Cigarettes and hospitals: smoking out patients?
Why the proposed smoking ban on hospital grounds is an unwise policy move from the NHS
You might argue, from a policy perspective, that there is a delicate balance to be made between protecting people from harm and allowing them to exercise their own freedom of choice. Certainly, it’s a balance that the NHS hasn’t quite mastered judging by their latest proposal to ban smoking on hospital premises. In fact, their aim to get rid of the practice is likely to do more harm than good. Let’s be quite clear; smoking is not the best thing we can do for our health. Smoking is a habit – not a particularly good one – but a habit, nonetheless. And the thing about habits is that they are notoriously difficult to break. Everyone has their own individual modes and methods of ‘quitting’ – that is, if they choose to quit at all.
Let’s take the example of someone who smokes a few cigarettes a day for stress-relief purposes. Now let’s imagine that, unfortunately, they find themselves in hospital; understandably, their stress levels are likely to increase. Is it really wise then, to deprive said individuals – at this already trying time – of the thing that helps calm them down? Yes, this person is ill – perhaps in relation to their smoking habit, perhaps not – but does this really give the NHS the right to deprive them of the simplest of liberties?
When considering the idea of prohibiting smoking on hospital grounds, there is a temptation to compare the proposal to prior legislation; namely, the ban on smoking inside pubs, restaurants and other indoor public spaces. In its own terms, at least, this has largely proven a success. But by trying to replicate its’ outcome in hospitals across the country the policy is likely to come unstuck.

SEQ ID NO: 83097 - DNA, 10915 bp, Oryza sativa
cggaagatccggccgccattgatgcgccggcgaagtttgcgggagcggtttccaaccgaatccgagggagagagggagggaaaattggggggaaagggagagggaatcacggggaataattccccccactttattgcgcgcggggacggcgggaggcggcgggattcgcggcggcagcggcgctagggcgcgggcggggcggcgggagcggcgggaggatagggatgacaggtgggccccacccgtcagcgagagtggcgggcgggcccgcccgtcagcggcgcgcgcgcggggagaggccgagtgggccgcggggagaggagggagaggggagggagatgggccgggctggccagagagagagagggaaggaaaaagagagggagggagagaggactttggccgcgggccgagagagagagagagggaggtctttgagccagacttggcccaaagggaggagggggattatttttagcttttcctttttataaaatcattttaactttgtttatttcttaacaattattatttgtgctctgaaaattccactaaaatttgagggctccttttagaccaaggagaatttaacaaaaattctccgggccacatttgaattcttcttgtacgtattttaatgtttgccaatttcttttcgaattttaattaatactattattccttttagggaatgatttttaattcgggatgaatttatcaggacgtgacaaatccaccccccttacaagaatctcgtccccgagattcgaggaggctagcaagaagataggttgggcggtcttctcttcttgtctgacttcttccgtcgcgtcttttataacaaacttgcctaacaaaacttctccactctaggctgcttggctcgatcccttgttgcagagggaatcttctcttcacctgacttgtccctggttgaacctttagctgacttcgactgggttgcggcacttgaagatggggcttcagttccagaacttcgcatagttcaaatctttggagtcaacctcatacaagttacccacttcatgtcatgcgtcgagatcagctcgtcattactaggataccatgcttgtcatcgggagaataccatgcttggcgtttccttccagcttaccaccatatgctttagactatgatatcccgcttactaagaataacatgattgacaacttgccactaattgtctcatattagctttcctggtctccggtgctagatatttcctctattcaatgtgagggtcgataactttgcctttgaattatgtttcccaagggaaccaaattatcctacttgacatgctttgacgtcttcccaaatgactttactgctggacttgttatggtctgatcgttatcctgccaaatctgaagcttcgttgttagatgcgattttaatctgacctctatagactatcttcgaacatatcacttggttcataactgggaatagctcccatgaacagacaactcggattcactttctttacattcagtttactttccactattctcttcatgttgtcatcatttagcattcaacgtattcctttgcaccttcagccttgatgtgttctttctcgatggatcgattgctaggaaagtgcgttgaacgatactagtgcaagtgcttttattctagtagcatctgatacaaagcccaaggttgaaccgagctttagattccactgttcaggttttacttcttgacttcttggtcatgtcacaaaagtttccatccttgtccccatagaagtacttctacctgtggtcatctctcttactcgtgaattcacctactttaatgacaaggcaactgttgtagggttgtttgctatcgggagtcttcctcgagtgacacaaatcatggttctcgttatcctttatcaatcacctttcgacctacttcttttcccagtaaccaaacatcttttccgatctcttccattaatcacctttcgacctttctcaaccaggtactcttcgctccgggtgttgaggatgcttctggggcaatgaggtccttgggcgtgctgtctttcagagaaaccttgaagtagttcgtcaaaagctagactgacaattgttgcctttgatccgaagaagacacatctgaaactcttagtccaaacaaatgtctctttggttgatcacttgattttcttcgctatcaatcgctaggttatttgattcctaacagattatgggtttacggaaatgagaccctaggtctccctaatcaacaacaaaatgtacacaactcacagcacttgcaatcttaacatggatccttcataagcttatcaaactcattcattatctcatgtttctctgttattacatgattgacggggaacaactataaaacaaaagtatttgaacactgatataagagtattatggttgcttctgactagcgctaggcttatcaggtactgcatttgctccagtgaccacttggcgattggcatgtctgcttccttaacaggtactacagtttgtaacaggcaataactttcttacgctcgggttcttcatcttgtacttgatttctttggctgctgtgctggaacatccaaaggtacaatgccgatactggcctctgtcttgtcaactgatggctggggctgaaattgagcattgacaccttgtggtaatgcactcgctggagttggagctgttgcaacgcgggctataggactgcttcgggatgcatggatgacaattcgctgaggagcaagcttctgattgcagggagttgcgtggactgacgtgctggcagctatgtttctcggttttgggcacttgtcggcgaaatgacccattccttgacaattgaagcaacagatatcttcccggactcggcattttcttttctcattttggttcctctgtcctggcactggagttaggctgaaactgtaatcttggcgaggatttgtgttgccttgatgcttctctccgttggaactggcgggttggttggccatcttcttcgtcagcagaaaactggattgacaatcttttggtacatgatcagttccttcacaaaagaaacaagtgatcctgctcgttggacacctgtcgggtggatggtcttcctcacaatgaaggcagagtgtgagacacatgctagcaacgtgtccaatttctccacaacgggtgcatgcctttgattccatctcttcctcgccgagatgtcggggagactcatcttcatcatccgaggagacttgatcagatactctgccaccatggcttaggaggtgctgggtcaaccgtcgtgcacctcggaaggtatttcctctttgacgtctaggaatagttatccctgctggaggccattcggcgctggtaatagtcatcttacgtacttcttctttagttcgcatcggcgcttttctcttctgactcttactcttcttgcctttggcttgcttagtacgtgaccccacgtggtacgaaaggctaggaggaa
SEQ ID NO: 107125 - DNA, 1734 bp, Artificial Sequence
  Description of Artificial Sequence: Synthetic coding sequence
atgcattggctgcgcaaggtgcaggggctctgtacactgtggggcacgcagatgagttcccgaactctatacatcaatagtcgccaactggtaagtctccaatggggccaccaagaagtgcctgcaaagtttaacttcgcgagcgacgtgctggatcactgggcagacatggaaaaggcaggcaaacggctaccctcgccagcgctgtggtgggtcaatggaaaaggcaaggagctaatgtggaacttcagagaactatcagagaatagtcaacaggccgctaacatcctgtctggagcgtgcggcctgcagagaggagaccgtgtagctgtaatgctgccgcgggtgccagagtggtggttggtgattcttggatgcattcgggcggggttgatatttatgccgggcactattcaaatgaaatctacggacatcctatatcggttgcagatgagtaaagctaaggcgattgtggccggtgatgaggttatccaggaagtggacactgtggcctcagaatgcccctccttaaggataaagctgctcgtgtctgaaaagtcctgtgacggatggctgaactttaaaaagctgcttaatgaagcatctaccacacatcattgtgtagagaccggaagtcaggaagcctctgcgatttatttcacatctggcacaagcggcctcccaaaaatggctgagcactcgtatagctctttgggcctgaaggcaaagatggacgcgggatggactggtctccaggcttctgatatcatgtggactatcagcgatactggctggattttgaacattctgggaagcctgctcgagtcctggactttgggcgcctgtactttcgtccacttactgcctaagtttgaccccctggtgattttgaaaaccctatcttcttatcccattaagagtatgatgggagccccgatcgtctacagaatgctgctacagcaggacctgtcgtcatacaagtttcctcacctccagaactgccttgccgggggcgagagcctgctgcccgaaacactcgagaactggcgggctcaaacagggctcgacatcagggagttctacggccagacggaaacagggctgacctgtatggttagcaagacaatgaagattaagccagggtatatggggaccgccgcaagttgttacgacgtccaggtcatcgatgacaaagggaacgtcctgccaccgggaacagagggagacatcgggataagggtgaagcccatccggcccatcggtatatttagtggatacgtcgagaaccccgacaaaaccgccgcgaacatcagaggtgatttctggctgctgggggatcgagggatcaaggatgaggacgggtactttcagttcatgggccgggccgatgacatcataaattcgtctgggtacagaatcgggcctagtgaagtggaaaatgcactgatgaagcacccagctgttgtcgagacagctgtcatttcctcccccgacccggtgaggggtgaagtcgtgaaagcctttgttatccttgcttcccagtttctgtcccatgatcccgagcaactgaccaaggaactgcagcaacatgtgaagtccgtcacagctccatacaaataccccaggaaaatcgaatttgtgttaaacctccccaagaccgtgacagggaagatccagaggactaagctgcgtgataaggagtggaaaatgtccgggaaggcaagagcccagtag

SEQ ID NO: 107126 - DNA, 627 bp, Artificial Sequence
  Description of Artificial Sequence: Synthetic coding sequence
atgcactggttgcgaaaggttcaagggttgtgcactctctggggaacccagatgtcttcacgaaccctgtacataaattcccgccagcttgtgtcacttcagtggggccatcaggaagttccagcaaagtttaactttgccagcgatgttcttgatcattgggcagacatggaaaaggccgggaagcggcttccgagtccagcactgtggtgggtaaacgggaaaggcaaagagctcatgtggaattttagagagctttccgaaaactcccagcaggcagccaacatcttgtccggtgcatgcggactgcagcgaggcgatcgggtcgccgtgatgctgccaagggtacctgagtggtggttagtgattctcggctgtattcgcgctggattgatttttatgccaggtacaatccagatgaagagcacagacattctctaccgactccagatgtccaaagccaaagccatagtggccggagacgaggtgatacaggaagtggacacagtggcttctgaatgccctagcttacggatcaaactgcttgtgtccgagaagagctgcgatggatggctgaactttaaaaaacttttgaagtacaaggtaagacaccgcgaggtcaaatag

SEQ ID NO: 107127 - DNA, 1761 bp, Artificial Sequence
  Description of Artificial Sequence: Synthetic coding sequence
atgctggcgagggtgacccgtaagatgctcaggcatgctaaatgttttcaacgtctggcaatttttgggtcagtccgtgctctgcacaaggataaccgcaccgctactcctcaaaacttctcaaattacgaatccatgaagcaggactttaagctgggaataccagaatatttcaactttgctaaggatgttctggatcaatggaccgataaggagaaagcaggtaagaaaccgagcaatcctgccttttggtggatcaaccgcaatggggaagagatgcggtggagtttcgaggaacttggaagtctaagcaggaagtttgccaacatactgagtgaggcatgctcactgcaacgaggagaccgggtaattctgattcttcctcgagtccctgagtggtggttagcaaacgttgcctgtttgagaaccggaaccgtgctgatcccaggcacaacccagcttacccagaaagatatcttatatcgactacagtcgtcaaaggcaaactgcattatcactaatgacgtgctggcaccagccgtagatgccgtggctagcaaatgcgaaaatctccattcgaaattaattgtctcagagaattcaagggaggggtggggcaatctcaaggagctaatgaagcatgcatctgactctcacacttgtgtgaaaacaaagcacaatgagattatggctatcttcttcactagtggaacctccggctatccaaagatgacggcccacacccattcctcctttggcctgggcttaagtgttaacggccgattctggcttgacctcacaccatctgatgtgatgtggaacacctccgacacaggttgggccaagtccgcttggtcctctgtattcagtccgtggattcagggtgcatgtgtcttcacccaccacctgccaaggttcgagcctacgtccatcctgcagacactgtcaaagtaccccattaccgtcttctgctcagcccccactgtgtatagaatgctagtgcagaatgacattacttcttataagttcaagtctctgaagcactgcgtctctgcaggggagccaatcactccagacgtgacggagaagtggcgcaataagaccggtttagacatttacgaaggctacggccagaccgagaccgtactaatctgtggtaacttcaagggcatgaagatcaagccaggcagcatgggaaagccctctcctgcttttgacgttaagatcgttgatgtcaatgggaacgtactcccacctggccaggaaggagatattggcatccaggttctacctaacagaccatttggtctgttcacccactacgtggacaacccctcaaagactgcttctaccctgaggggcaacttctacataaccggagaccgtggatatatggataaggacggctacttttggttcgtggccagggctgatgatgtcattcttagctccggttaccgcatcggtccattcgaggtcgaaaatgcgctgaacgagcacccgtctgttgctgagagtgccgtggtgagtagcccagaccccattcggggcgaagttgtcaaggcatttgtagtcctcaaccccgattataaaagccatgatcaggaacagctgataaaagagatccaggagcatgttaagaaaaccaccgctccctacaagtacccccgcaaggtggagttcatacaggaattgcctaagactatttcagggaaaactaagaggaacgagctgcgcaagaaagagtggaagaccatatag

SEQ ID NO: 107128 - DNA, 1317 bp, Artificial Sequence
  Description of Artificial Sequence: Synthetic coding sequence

There was, at worst, resignation and, at best, wholehearted support for the original ban. Any initial hostility from some pub landlords and restaurant owners who feared that they would lose business was short-lived. Rather than oppose the ban, the majority of businesses did what they do best – they innovated, setting up increasingly fashionable outdoor smoking areas for the hoards of customers that decided to nip out for a quick cigarette. Smokers themselves seem to have gotten used to these new arrangements, and it’s now common for the ‘smoking area’ to be the busiest part of a venue.
The hospital ban, on the other hand, is something altogether different. Not only are patients who smoke likely to take issue with it; the chances are that staff will too. Practically the implementation would be a nightmare – with healthcare workers expected to take on the dual roles of care-givers and smoke police. Against a backdrop of already stretched resources staff should not be expected to take on these responsibilities as well. The reality is they probably won’t be able to – resulting in policy failure and a lot of bad press for all involved.
Wouldn’t it be better to accept people’s individual choices anyway, rather than forever trying to prohibit certain behaviours? Of course, medical professionals should (and already do) advise their patients of ways they can improve their health – be that by cutting down on the cigarettes or taking a break once in a while. Ultimately though, it is not the place of the NHS to tell us what we can and cannot do. Quite besides the fact that we live in a democratic society whereby freedoms should be respected, it simply doesn’t work.
Written by Anna Carnegie. The Social Policy Forum challenges social policy by stealth in the age of the Big Nudge. We are on Twitter @SocialPolicyFor